Tag Archives: Josepha Madigan

This morning.

National Library, Dublin 2

Freeman of Dublin Bob Geldof and Minister for Culture, Heritage and the Gaeltacht Josepha Madigan (top) as the Band Aid Trust hands over their archive to the National Library of Ireland’s  Dr. Sandra Collins and Paul Shovlin (above).

Is he upset?

Are we grateful enough?

You ask him

We may never know.

Sam Boal/Rollingnews

From top:  Josepha Madigan, TD Minister for Culture, Heritage & the Gaeltacht; Grace Dyas

Dear Josepha,

I am writing to you to tell you who I am.

With my work with THEATREclub, I have built an artistic practice on speaking truth to power. It has taken me to methadone clinics across the country; to dig physical and metaphorical holes in city council land; to live with the people of Moyross in Limerick City; and to sit and listen to hundreds of people who feel oppressed, let down, and abandoned over the last ten years.

I’ll admit this to you, Josepha, it’s been easier for me to stand up for other people than to stand up for myself.

My blog post about my experience with Michael Colgan was the first time in my life that I or publicly shared my own experience. I was supported by many, but many felt I didn’t have the right to bear witness to my own experience. They worried about the use of social media and they felt I should have followed ‘due process’. I know you’re worried about that too. Let’s talk about that:-

This experience with Michael Colgan had something in common with most of the abuse that I have experienced in my life. It happened to me out in the open in front of people. It was witnessed, and nobody did anything to help me. There was nowhere I could go to help myself. There was no due process in place.

I used social media because I had nowhere else to go. I believed that once this abuse of power was exposed and out in the open, we as a community could figure out how to respond, and how to make sure this doesn’t happen again. I trusted that due process would be restored, and there would be somewhere to go for other survivors who came after me.

That didn’t happen, and here’s what did: –

Eleven women in total have spoken publicly about Michael Colgan’s abuse of power.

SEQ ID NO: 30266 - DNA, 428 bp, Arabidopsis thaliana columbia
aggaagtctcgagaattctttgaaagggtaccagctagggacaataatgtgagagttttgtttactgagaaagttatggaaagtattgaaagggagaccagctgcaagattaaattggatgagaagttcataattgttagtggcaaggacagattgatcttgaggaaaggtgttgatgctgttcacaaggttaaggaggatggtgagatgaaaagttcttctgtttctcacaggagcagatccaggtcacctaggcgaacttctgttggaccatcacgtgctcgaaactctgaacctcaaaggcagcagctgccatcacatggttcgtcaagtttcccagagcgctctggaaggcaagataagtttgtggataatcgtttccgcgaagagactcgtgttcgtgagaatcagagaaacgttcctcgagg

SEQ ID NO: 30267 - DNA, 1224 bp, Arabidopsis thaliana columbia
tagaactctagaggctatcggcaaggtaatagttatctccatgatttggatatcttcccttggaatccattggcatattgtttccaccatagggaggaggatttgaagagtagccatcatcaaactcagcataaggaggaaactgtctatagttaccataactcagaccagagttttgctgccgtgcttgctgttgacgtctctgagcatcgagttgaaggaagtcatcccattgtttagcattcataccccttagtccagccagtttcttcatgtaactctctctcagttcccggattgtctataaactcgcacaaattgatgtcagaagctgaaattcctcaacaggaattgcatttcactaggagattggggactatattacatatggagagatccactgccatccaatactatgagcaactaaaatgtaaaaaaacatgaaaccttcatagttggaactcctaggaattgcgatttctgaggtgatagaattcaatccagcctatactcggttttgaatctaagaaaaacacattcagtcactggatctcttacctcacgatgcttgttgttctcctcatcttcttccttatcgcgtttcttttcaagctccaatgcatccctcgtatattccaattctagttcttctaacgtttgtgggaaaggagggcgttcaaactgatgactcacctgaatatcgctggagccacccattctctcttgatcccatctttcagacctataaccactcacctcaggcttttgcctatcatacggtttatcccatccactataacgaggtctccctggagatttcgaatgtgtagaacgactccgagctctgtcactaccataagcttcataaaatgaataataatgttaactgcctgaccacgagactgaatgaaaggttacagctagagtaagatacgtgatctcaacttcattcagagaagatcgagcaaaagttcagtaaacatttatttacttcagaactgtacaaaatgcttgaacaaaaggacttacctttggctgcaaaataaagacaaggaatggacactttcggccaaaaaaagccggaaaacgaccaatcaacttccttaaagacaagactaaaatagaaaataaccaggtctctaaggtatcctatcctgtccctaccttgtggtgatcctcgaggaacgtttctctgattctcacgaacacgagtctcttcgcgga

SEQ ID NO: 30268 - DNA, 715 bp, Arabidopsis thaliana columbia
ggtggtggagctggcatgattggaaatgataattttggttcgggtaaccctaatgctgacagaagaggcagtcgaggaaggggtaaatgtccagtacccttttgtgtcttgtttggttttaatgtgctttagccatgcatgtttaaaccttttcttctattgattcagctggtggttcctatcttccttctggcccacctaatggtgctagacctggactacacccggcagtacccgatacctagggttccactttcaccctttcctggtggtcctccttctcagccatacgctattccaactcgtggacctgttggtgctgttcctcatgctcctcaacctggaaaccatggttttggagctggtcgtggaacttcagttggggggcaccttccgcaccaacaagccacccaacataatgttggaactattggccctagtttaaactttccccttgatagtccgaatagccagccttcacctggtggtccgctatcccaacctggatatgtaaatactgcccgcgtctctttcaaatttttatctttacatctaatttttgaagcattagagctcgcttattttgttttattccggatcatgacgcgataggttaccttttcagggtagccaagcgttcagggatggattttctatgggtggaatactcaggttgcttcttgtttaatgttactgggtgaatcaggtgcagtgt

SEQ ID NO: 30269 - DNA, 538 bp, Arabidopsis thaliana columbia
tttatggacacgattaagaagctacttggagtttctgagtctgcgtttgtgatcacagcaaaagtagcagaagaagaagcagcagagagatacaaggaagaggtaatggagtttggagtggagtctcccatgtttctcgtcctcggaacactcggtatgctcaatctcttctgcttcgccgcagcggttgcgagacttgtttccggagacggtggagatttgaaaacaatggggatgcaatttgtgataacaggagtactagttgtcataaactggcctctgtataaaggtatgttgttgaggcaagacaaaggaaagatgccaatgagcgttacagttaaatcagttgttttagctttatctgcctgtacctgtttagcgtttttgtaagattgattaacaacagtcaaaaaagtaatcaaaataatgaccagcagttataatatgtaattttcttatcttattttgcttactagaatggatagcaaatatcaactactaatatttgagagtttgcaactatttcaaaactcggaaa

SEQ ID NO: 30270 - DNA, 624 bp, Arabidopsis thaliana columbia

Michael Colgan got to write his own verdict in the Sunday Independent and The Gate Theatre has assumed the right to investigate themselves. Crucially, Josepha, the decision as to how much of The Gate Theatre’s report is made public is entirely up to those who would have a vested interest in keeping it buried.

People are writing to me, daily, because I am now the only place they can go.

Inspired by my post, Adrienne Corless has also named people, in her account of her experiences of Abuse Of Power at The National Museum, where she was sexually harassed by Andy Halpin. As an employee, she had access to due process, which she promptly followed, and it failed her. Her abuse was witnessed. She was one who had to leave.

There is a crisis in your new portfolio.

People are suffering.

Their abuse is an open secret.

No one is stepping in to help.

I feel I cannot stand idly by.

So, I am offering anyone who has experienced abuse of power, in the form of sexual harassment, bullying, or corruption, a platform to expose these open secrets by publishing on my blog: with the help of Legal and Therapeutic professionals.

I believe we need to keep digging and keep exposing the reality of what is happening in our country. I had hoped there would be a better way. I hoped someone else would step in. But if the past month has taught me anything, it’s that I can’t trust the people in authority to not sit back, do nothing, and watch as people are abused in front of them.

(To any of those suffering reading this, please get in touch with me.

I believe you before you open your mouth. )

I am doing this because this is who I am, Josepha.

My question is who are you?

Tell me, what are you going to do?

Open Letter to Josepha Madigan, TD Minister for Culture, Heritage & the Gaeltacht (Grace Dyas)

Previously: Barbarian At The Gate

Oh, Josepha.

Previously: The Traveller Card


In March of this year.

Travellers were officially recognised as a minority ethnic group in Ireland.

Artist Paul D’Arcy has designed a Traveller ethnicity pin featuring a wagon wheel and the harp.

Pavee Point writes:

“This week-end we celebrate the first International Human Rights Day with Irish Travellers officially recognised as a minority ethnic group by the Irish State.  We will be posting photos and messages on Facebook and Twitter of people wearing the Traveller ethnicity pin.”

From top: President Michael D Higgins and Sabina Higgins; Education Minister Richard Bruton; Irish Solidarity–People Before Profit TD Ruth Coppinger; Chargé d’affaires at the US Embassy in Dublin Reece Smyth; Ireland soccer player Cyrus Christie with Thomas Collins; Bridgie Nevin, Goretti Horgan and Eamonn McCann; Anne Marie McDonagh; Kathleen Sherlock; and Breda Quilligan.

Pics: Pavee Point

This morning

Arbour Hill Boxing Club, Dublin 7.

Harlow Kearney sparring with Minister for Transport, Tourism and Sport, Shane Ross TD as Gold Medalist Michael Carruth and Minister of State for Tourism and Sport Brendan Griffin TD look on,

The bout was staged to announce allocations of €56 million to sports clubs and organisations located throughout the country.



That’s gotta hurt.